Excitement and volatility hit Wall Street last week as at least one hedge fund imploded after its short position was the focus of a viral attempt to manipulate the value of its position.
Someone noticed that a hedge fund had taken a large short position in GameStop.
(A short position is when you borrow a share of an equity from a broker, sell it, and hope it goes down in price because you do have to eventually buy it back and return it to the broker to close your position. If the price falls, you win. If the price increases, you lose. Does this sound like gambling? Well…if you control your position size, you control your loss. If you get greedy, all bets are off.)
Almost immediately, the attempt to manipulate the value and outcome of the short position gained traction and millions of shares of GameStop were purchased. Consequently, the share price of GameStop increased exponentially, while anyone who held a short position saw their loss from their position increase exponentially.
It was as if they could actually see their fund balance evaporate into thin air…in one instance, a hedge fund required an immediate infusion of $3 billion of cash liquidity to avoid insolvency.
This type of thing had never happened before and the hedge funds that were affected are crying foul – and insisting on legal (SEC) remedies.
How interesting – the groups that seem to have accumulated all the advantages over regular investors now have a problem with fallout from something beyond their control.
“Regular stock investors” were thought to account for only 10% of transactions in 2017. Further, at least 50% of the trades on Wall Street are thought to be of high-frequency trading – powerful computers running complex algorithms that might be in and out of trades within milliseconds – hoping to capture as little as a fraction of a cent from as many transactions as possible.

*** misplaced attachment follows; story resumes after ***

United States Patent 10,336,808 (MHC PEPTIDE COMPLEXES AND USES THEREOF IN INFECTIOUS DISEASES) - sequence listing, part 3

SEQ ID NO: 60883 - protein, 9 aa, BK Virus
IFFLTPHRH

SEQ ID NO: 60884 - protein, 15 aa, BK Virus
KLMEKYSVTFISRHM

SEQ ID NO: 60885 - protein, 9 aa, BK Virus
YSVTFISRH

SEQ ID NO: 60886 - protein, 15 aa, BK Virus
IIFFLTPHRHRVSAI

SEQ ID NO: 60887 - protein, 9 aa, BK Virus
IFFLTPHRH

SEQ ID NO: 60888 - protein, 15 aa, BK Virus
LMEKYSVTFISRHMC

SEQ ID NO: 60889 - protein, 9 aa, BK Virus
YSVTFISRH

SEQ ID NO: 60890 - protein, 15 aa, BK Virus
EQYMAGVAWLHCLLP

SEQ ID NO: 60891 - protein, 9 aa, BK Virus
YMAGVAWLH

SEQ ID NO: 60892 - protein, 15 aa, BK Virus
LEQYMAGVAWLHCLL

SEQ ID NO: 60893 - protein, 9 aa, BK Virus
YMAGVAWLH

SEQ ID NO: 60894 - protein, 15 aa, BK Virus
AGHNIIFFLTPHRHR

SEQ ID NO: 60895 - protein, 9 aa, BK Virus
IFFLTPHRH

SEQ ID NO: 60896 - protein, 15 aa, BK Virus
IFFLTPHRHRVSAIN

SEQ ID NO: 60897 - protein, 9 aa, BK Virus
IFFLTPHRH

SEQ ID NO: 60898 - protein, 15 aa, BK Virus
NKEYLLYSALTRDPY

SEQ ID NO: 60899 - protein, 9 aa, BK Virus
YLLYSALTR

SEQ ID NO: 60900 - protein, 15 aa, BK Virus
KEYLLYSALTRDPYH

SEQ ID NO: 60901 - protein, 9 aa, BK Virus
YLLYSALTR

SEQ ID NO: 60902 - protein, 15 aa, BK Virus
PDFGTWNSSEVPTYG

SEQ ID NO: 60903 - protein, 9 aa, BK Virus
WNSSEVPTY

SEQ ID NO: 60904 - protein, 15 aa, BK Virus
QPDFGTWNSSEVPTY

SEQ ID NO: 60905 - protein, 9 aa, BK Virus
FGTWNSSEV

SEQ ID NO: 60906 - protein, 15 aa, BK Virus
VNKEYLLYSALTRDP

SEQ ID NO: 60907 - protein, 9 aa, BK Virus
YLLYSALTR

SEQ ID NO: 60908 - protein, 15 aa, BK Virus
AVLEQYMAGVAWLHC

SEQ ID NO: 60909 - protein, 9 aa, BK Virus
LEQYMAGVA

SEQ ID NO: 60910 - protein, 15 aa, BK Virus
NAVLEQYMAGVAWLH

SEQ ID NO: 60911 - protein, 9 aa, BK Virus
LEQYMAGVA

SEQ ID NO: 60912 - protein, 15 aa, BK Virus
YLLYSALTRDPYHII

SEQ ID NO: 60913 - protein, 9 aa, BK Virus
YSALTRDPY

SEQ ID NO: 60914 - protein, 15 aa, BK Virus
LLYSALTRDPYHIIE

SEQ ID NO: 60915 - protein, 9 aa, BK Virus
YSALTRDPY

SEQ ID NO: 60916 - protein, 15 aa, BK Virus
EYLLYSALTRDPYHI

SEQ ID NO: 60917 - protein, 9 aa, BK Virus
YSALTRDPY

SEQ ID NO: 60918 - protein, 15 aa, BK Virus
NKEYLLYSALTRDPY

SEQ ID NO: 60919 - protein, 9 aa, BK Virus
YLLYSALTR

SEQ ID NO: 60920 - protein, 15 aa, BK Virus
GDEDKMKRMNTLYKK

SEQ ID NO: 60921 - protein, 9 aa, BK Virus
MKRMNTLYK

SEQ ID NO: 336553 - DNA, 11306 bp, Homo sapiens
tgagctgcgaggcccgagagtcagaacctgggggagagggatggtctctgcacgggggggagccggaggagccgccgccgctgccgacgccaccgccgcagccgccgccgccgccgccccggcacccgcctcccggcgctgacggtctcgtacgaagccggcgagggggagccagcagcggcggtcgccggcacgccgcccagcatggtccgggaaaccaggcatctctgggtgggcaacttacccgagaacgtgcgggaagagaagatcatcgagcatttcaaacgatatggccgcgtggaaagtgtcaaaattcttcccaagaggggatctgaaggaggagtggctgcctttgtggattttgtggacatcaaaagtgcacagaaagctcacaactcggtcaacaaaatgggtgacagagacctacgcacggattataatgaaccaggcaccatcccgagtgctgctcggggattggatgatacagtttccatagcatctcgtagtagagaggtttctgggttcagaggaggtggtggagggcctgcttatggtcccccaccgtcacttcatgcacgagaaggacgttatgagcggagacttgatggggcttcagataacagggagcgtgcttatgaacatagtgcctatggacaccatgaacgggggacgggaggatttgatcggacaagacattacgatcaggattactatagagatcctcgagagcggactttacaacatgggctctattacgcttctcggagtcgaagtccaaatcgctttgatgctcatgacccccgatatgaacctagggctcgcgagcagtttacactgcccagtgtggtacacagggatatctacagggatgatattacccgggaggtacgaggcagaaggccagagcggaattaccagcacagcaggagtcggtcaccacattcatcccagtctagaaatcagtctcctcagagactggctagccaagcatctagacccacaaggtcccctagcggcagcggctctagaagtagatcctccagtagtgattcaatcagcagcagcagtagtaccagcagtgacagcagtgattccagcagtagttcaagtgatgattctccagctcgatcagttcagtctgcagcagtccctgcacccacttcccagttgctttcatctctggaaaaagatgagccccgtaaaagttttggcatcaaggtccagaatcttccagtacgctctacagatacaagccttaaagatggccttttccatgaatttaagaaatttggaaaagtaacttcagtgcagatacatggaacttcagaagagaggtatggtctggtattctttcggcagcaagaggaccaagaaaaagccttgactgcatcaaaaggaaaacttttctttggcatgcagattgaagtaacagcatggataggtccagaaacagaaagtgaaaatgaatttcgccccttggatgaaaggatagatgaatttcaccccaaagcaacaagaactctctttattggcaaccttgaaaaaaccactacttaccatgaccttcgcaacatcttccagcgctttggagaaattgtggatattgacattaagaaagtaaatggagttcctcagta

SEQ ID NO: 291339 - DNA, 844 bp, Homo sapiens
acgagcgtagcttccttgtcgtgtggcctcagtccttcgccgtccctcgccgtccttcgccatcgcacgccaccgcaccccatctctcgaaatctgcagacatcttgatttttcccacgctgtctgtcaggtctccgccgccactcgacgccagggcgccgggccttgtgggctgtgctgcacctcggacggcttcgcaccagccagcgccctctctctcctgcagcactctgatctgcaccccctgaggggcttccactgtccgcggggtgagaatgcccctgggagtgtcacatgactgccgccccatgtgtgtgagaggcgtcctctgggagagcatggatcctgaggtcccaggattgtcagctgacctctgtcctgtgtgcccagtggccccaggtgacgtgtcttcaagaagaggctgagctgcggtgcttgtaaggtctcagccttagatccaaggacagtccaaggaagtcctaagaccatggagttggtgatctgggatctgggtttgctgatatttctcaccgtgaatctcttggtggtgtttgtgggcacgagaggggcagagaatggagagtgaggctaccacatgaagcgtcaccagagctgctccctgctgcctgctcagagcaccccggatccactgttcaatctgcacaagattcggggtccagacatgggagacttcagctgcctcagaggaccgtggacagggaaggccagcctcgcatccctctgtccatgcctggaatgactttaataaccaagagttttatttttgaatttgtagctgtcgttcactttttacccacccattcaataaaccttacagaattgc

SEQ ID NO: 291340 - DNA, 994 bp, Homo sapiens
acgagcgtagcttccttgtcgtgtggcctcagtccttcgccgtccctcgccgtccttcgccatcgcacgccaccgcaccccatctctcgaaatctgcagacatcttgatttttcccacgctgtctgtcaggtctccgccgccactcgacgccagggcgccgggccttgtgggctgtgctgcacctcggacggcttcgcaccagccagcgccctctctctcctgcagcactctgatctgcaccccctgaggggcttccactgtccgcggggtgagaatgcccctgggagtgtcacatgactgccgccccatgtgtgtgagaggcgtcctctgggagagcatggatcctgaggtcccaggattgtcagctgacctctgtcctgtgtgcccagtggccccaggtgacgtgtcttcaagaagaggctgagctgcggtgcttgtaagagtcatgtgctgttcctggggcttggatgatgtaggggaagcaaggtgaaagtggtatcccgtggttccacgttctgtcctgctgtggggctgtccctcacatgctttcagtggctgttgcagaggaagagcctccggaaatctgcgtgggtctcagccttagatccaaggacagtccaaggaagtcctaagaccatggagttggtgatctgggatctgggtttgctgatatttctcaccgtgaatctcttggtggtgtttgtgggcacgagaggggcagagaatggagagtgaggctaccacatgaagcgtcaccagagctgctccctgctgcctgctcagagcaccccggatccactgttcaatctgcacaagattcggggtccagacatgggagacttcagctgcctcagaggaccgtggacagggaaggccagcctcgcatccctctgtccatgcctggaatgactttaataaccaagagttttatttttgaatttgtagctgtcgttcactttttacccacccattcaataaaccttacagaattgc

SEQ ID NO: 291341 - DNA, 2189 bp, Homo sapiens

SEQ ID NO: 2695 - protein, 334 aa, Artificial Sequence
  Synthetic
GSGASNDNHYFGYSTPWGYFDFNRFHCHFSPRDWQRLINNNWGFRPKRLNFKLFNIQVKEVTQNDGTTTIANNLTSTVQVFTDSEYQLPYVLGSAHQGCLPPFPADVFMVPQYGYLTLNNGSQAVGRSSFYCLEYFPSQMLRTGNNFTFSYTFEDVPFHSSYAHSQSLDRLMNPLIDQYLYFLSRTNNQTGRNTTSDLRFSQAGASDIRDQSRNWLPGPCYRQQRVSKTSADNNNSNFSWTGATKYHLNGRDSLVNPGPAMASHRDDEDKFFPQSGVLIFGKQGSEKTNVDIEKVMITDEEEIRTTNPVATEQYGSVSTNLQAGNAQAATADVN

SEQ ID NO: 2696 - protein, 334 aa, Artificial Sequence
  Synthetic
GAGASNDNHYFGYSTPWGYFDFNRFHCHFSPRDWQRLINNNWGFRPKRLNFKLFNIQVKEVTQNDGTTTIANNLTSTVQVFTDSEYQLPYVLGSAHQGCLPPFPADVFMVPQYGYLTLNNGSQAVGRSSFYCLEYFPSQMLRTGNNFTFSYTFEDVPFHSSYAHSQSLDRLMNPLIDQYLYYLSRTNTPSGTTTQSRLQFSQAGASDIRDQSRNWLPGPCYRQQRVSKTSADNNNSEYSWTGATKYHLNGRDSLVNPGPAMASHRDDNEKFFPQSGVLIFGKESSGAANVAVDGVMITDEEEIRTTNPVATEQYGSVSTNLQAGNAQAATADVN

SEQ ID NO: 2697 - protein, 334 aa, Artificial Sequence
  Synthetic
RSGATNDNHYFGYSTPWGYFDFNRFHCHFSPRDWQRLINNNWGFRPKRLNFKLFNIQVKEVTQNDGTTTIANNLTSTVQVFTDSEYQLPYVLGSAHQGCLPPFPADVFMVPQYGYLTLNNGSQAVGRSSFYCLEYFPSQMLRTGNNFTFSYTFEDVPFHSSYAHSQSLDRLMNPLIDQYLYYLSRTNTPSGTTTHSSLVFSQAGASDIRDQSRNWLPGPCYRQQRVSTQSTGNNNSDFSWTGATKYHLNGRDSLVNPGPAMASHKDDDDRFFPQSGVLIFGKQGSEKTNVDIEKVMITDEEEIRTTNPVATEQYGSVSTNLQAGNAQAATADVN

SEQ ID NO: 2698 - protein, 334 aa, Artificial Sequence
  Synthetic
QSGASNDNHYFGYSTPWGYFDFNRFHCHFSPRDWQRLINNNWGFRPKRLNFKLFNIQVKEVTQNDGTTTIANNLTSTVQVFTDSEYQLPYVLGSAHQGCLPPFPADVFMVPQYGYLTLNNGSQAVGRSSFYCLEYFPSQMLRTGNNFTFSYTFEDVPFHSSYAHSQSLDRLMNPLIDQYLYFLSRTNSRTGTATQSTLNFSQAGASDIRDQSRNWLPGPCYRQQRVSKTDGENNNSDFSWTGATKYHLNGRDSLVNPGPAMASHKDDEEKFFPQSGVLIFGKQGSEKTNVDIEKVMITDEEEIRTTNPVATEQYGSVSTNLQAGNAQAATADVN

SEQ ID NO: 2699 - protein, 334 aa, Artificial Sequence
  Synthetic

The tired mantra of Wall Street (“buy up, we’re expecting a good year”) and the actual habits of its largest customers couldn’t be more diametrically opposed.
These activities don’t even constitute investing, in my opinion. My previous blog post (here) defines an investment according to Dr. Lee.
Let’s find a better word – speculating?
No, that’s when I buy a piece of raw land that has intrinsic value, when I can afford the purchase and when I plan to either develop or sell the land later, hoping to make a profit.
Manipulate? Better. Exploit, control, influence, steer, maneuver? We’re getting warmer.
Real estate investing allows you to make money in 5 different ways (see previous blog posts). You won’t make money in a millisecond, and sometimes you don’t even make money in several months.
And you won’t succeed in real estate if you organize activities that cause others to fail.
Real estate is a real asset, not a piece of paper that is a derivative (or derivative of a derivative) of a real asset. It has real value, because people and most businesses need a place to live.
And there is a reason that more millionaires have been made through real estate investing than any other way.
That was true 200 years ago, and still is.
As you think about that, always consider how and where you place your hard-earned money and whether you are shouldering more risk than what may be apparent.
Until next time,
Dr. Lee Newton
The Business Owner’s Blueprint For Building Wealth
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